After the 1980 season, Annet returned to the GDR and faded from public view.

    Of course, most of us remember Katarina Witt as the figure skating diva from Karl Marx-Stadt. Kat won the 1984 and 1988 Olympic titles, the 84, 85, 87, and 88 World titles, and the 82 and 86 World silver medals. She also won six European titles. While Witt may not have been the best skater of her era, she was without question the best competitor. She really had the "killer instinct" when she competed, and she seemed to thrive on pressure. I remember watching the 1987 Worlds from Cincinnati, in which Kat regained the World title she had lost to Debi Thomas the previous year. She skated a fantastic long program to "West Side Story" and landed five clean triple jumps. She later said that was her best competitive program ever, and it was the best of the field, without question. Of course, Kat's beautiful face and figure were favorably looked upon by the media and the judges. She was a saucy, flirtatious
    "Carmen" and played that role to the hilt in Calgary, 1988.

    I only remember one other East German woman figure skater who won an international medal was Simone Lang, who won the bronze at the 1989 Skate America competition - just a few weeks before the Berlin Wall fell.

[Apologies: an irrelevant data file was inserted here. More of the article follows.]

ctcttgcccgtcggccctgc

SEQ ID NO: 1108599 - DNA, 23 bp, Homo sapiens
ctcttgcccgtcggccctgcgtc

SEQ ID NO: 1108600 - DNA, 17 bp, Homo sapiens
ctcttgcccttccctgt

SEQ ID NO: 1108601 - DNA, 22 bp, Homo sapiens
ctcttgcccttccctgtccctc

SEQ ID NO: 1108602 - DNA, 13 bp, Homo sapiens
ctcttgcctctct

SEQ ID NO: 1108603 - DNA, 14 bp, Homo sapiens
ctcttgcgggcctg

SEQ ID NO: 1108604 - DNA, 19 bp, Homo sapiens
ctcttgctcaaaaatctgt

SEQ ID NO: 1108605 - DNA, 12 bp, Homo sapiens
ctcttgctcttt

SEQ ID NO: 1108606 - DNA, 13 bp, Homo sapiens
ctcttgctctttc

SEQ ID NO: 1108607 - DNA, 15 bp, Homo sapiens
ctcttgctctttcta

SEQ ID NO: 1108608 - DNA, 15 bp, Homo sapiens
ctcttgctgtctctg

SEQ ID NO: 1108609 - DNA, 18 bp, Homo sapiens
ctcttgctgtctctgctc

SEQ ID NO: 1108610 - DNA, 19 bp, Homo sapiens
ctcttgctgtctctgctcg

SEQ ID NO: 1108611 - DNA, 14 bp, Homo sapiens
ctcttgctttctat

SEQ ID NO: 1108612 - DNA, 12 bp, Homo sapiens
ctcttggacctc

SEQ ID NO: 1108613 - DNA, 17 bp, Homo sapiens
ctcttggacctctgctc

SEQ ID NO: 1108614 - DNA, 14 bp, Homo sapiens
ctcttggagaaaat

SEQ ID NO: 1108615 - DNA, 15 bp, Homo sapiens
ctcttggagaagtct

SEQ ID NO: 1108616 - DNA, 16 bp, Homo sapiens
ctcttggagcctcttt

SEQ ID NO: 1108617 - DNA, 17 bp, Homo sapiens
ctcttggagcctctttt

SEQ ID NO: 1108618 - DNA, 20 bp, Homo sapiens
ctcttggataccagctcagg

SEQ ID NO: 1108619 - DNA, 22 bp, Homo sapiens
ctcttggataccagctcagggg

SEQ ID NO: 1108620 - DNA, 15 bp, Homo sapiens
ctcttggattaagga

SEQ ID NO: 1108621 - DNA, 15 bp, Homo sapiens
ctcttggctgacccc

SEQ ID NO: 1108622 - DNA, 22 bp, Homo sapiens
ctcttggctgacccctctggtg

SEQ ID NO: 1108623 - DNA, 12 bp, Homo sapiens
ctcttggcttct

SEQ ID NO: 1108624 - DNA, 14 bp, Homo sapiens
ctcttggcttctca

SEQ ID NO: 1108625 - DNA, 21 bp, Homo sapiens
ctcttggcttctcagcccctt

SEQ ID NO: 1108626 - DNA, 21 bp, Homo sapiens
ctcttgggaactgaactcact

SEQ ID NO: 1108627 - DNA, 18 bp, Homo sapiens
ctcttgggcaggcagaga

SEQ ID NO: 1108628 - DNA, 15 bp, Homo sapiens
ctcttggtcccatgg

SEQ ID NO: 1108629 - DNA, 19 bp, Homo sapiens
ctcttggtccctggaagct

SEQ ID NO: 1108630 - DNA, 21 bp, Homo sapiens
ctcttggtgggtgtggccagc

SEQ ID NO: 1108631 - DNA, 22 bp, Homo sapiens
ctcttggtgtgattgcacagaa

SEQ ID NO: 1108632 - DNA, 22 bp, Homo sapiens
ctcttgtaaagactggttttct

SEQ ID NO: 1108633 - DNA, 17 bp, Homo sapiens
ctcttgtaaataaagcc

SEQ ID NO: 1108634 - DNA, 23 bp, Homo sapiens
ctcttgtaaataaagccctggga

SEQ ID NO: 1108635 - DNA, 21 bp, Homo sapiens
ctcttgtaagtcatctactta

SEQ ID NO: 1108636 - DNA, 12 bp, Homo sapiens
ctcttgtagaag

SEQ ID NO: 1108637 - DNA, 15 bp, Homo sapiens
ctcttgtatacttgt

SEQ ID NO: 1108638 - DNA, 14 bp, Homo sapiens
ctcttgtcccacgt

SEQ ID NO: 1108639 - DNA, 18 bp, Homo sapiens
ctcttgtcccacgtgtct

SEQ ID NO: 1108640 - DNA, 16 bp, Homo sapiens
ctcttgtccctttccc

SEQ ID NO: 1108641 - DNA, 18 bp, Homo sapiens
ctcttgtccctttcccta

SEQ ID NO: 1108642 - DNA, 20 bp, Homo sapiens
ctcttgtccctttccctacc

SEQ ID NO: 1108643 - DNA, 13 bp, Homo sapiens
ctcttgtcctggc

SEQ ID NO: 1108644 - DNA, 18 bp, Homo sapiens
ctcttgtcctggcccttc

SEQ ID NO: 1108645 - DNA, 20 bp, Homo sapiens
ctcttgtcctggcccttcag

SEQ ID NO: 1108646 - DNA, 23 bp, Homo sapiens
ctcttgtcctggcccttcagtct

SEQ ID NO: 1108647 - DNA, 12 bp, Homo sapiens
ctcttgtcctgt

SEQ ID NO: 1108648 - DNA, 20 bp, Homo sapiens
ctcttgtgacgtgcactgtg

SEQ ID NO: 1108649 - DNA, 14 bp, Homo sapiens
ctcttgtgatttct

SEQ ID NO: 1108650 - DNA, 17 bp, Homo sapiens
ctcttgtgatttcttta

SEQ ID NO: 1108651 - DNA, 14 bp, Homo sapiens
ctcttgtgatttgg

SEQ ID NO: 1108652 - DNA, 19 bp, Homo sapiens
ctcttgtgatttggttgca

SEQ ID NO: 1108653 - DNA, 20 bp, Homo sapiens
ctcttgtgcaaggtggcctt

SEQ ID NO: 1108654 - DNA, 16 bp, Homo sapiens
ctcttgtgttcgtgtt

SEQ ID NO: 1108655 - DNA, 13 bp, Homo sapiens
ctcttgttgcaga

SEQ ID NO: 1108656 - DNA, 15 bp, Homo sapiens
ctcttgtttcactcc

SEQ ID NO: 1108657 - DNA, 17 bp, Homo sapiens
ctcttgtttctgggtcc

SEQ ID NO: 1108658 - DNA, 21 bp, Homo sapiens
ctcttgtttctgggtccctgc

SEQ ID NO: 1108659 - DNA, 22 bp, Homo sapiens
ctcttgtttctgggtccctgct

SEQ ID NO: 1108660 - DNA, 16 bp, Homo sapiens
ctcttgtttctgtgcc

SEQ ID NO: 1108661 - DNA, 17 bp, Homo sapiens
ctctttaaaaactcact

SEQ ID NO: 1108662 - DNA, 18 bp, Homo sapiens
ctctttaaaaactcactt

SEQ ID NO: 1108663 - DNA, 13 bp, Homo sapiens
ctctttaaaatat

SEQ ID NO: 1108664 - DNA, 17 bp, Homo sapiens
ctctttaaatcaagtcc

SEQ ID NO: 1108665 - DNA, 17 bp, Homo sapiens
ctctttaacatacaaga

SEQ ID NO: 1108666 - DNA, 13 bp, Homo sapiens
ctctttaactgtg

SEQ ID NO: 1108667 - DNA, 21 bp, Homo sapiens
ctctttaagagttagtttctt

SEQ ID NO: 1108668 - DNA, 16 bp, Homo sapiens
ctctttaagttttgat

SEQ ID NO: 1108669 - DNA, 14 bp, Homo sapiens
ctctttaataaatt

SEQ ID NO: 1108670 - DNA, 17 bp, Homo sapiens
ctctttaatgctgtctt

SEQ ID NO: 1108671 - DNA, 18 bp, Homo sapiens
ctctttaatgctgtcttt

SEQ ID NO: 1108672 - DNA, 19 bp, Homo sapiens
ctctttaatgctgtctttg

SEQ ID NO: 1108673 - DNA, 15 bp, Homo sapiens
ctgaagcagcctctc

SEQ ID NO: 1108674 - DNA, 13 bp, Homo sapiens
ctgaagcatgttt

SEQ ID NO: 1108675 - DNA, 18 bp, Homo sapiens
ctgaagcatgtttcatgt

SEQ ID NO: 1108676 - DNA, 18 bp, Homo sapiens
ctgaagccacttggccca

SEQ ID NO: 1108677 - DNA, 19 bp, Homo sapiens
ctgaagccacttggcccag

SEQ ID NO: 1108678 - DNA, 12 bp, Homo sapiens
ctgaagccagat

Many of the above skaters competed to American music - "Funny Girl", "Gerswhin", "West Side Story", etc. I remember that Poetzsch skated an exhibition program to country western music. Clearly, they wanted to play to the western audiences, and they were successful in doing so.

    All of the above skaters had the same coach - Frau Muller, who is Gaby Seyfert's mother. Muller was a stern disciplinarian, and she succeeded in producing a steady string of champions for two decades.

    Undoubtedly, the East German sports machine suffered with the collapse of the GDR. All of the funding, "privileges", free training, etc., that was provided for the top GDR skaters disappeared when East Germany ceased to exist. I recall an interview Witt had on "The Larry King Show" in which she defended her receipt of those special privileges. She said, to paraphrase, "I think it was right for me to receive these things, because I trained very hard and brought honor to my country". In restrospect, I have to agree with Kat. What she did was remarkable